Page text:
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I'm learning electrostatics right now in college physics 2, and I'm struggling to understand what "electrostatics" exactly specifies. My professor told me that "when charges are at rest in our frame of reference, they exert electrostatic forces on each other ", but what does it mean that the charges are at rest in our frame of reference? Does that mean that point charges are not physically flying around in space? Like the "radius" value in couloumb's law between two charges is not changing? Or does charges being at rest mean that there is no 'flow' of charges like two metal balls w/ charge 2 couloumbs and -3 couloumbs being brought into contact and obtaining -0.5 couloumbs each?

What happens to Coulomb's law and Gauss's law when charges are not at rest?

Also, why is the electric field inside a conductor zero? This sort of branches out from the definition of "being at rest". My textbook says that "If there is an electric field inside a conductor, the field exerts a force on every charge in the conductor, giving the free charges a net motion. Since by definition electrostatic situation is one in which charges have no net motion, the electric field inside the conductor must be zero". What does that mean? If there is an electric field inside conductor the electrons will be flying out of the conductor?

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  • $\begingroup$ What's 'electrostic'? Is that a typo? I've never heard of such a thing and I just searched online without finding anything. $\endgroup$ – user191954 Sep 4 '18 at 13:38
  • $\begingroup$ @Chair "Electrostatics" with an "s" is more common: en.wikipedia.org/wiki/Electrostatics $\endgroup$ – ZeroTheHero Sep 4 '18 at 13:46
  • $\begingroup$ @ZeroTheHero I'm confused... how's that relevant? I said 'electrostic' because that's the present title of the question $\endgroup$ – user191954 Sep 4 '18 at 13:47
  • $\begingroup$ @Chair oh man... my bad. I thought the typo was the "s$ missing but I see now there was also an "a" missing. $\endgroup$ – ZeroTheHero Sep 4 '18 at 13:48
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    $\begingroup$ In that case, I'll throw in a link to the tag wiki for electrostatics because that kind of answers the title question but link-only answers aren't actually answers. $\endgroup$ – user191954 Sep 4 '18 at 13:53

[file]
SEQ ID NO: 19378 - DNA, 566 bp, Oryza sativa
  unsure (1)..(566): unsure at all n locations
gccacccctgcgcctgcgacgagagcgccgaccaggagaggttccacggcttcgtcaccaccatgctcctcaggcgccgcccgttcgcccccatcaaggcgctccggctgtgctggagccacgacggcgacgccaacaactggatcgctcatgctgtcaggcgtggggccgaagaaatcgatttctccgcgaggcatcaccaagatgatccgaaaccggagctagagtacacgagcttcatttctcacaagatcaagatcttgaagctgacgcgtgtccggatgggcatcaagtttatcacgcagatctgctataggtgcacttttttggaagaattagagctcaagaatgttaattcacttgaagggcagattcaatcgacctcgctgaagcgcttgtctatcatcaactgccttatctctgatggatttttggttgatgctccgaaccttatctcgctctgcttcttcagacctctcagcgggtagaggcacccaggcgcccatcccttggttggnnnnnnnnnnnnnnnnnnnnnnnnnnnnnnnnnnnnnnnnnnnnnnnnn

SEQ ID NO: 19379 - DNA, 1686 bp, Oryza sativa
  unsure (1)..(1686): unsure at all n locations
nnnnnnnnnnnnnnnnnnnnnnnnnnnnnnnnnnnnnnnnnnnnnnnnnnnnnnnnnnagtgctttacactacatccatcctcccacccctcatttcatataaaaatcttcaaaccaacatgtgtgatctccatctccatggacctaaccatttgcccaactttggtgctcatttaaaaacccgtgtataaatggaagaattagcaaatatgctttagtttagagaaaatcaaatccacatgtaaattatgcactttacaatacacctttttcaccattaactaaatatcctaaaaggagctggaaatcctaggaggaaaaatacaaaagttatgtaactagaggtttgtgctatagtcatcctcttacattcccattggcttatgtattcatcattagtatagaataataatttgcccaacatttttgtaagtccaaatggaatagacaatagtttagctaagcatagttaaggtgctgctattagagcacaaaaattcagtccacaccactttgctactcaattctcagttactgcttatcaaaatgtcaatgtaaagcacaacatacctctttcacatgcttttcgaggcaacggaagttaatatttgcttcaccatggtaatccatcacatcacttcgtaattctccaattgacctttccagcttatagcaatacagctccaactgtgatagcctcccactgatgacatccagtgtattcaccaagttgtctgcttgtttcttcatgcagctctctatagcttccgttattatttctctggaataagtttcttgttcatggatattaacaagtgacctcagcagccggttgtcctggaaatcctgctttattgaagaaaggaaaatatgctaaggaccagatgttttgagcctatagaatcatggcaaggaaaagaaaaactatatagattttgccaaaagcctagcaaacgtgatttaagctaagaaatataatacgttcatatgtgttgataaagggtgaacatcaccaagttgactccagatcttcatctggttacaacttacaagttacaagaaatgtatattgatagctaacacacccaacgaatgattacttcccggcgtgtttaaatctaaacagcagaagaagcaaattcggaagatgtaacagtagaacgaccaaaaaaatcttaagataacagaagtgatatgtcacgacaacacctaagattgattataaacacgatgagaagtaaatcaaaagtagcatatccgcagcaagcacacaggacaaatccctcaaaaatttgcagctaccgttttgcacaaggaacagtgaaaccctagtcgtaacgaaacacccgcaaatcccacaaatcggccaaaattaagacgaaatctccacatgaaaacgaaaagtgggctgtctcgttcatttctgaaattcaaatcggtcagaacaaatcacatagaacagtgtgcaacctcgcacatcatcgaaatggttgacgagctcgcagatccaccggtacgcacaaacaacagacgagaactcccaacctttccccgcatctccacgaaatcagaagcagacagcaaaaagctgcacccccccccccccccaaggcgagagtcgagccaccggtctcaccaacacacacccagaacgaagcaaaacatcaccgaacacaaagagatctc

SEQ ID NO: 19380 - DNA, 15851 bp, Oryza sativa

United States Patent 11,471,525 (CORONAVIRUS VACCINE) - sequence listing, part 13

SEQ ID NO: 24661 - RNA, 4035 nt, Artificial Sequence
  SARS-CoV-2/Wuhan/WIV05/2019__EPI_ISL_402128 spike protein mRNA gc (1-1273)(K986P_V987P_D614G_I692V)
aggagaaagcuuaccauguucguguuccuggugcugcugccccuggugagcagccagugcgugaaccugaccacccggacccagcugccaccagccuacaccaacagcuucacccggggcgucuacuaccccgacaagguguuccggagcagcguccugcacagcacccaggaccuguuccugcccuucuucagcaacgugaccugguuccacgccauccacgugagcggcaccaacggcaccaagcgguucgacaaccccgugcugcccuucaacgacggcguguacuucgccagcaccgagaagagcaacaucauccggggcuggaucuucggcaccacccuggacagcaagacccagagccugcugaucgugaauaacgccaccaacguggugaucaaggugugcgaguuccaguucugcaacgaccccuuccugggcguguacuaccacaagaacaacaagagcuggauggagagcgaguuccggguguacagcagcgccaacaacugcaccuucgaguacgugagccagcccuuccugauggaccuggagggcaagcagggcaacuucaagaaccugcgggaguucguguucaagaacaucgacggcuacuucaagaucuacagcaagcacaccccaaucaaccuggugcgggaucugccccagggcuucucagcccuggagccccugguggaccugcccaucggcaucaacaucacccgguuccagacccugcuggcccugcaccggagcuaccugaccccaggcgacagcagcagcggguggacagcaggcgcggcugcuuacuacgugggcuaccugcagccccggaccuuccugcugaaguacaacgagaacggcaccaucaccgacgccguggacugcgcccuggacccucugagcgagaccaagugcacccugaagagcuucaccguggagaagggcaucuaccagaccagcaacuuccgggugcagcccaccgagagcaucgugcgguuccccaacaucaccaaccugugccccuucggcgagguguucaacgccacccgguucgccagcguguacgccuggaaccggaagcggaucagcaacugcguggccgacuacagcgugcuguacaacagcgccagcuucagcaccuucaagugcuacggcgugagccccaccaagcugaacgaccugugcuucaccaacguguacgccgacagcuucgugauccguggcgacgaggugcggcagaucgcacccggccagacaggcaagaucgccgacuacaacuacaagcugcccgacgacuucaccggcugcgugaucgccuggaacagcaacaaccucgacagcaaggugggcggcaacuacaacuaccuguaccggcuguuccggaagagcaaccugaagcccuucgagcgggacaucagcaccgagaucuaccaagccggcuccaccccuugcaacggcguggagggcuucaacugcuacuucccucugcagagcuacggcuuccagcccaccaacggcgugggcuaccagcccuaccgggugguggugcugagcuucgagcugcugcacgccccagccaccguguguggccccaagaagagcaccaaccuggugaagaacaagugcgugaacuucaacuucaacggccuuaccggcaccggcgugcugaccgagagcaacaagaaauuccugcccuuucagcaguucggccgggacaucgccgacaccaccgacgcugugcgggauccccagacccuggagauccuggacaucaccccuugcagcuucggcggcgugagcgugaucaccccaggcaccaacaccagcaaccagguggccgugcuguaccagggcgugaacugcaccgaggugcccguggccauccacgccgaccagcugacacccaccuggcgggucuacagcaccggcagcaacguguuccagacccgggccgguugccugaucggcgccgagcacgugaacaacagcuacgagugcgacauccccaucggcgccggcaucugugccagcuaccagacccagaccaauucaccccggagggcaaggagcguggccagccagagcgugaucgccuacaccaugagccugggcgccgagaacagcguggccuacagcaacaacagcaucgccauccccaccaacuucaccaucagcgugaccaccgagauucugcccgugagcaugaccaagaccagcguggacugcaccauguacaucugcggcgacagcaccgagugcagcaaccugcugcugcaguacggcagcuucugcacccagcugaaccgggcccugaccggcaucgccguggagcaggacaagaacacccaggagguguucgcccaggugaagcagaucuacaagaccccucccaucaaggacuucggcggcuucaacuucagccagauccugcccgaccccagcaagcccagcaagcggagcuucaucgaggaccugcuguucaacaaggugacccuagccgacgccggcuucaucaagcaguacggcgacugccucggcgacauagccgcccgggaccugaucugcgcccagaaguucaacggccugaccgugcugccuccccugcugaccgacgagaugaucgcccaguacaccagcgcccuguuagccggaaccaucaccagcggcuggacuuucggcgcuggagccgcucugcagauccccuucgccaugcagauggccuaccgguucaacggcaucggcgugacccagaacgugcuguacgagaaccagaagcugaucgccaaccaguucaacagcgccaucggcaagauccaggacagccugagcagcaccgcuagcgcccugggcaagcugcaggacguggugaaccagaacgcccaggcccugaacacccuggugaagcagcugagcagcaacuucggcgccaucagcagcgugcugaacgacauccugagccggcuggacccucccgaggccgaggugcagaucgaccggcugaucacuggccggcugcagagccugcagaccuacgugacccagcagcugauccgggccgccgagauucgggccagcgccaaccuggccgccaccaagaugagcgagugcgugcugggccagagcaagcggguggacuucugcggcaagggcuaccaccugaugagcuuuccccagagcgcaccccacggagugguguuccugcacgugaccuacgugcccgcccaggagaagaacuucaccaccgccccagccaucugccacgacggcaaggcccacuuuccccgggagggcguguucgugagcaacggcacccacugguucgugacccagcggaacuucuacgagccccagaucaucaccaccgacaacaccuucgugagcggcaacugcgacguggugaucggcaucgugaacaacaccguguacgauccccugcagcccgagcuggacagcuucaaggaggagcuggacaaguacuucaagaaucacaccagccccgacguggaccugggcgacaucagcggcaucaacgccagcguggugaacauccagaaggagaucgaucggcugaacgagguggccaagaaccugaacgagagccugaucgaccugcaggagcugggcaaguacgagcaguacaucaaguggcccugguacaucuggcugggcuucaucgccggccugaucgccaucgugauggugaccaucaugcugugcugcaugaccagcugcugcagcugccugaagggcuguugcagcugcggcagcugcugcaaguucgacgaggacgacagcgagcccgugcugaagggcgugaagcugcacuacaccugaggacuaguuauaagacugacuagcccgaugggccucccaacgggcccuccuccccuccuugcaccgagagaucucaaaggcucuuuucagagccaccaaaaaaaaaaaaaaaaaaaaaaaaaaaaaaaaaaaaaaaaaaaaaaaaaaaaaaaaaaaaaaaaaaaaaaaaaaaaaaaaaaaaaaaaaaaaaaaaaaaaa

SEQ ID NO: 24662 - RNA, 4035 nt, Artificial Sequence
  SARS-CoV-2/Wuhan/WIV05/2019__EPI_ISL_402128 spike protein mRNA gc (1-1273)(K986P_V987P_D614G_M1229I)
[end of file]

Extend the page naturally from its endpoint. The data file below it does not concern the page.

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You see, there is a general theory of electrodynamics which tells you how moving charges and currents create electrodynamic fields, which is governed by Maxwell's equations and the Lorentz Force Law. These generalize Coulomb's law and so on in the case that everything is not static.

Now electrostatics is a special and much simpler case of this, and in many situations it's enough to study this. So be patient, you will learn the more general theory later, I hope, or you can look in a book like Griffiths, electrodynamics. In any case, it's good to study the simple case first since it is much easier to understand.

To your second question: No, the electrons would not fly out of the conductor if there was a field. They can move freely inside the conductor, so they will just move around until they reach a place where the net fields are zero again. But if you want to study electrostatics, the only static situation is that the field inside a conductor is zero - if it is not, the electrons must move around and not be static. (Next time, please split up into two questions.)

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"Electrostatics" is the study of electricity with charges at rest or "nearly" at rest. By "nearly" at rest we understand that the velocities of the charges are much less than the speed of light.

Moving charges produce magnetic fields but this magnetic field is usually neglected when $v/c\ll 1$. Gauss' law (in vacuum) $$ \oint \vec E\cdot d\vec S=\frac{q}{\epsilon_0} $$ remains unchanged when charges are moving because the right hand side contains the net charge (the value of which is independent of the frame of reference) and $\epsilon_0$, which also has the same value in any frame.

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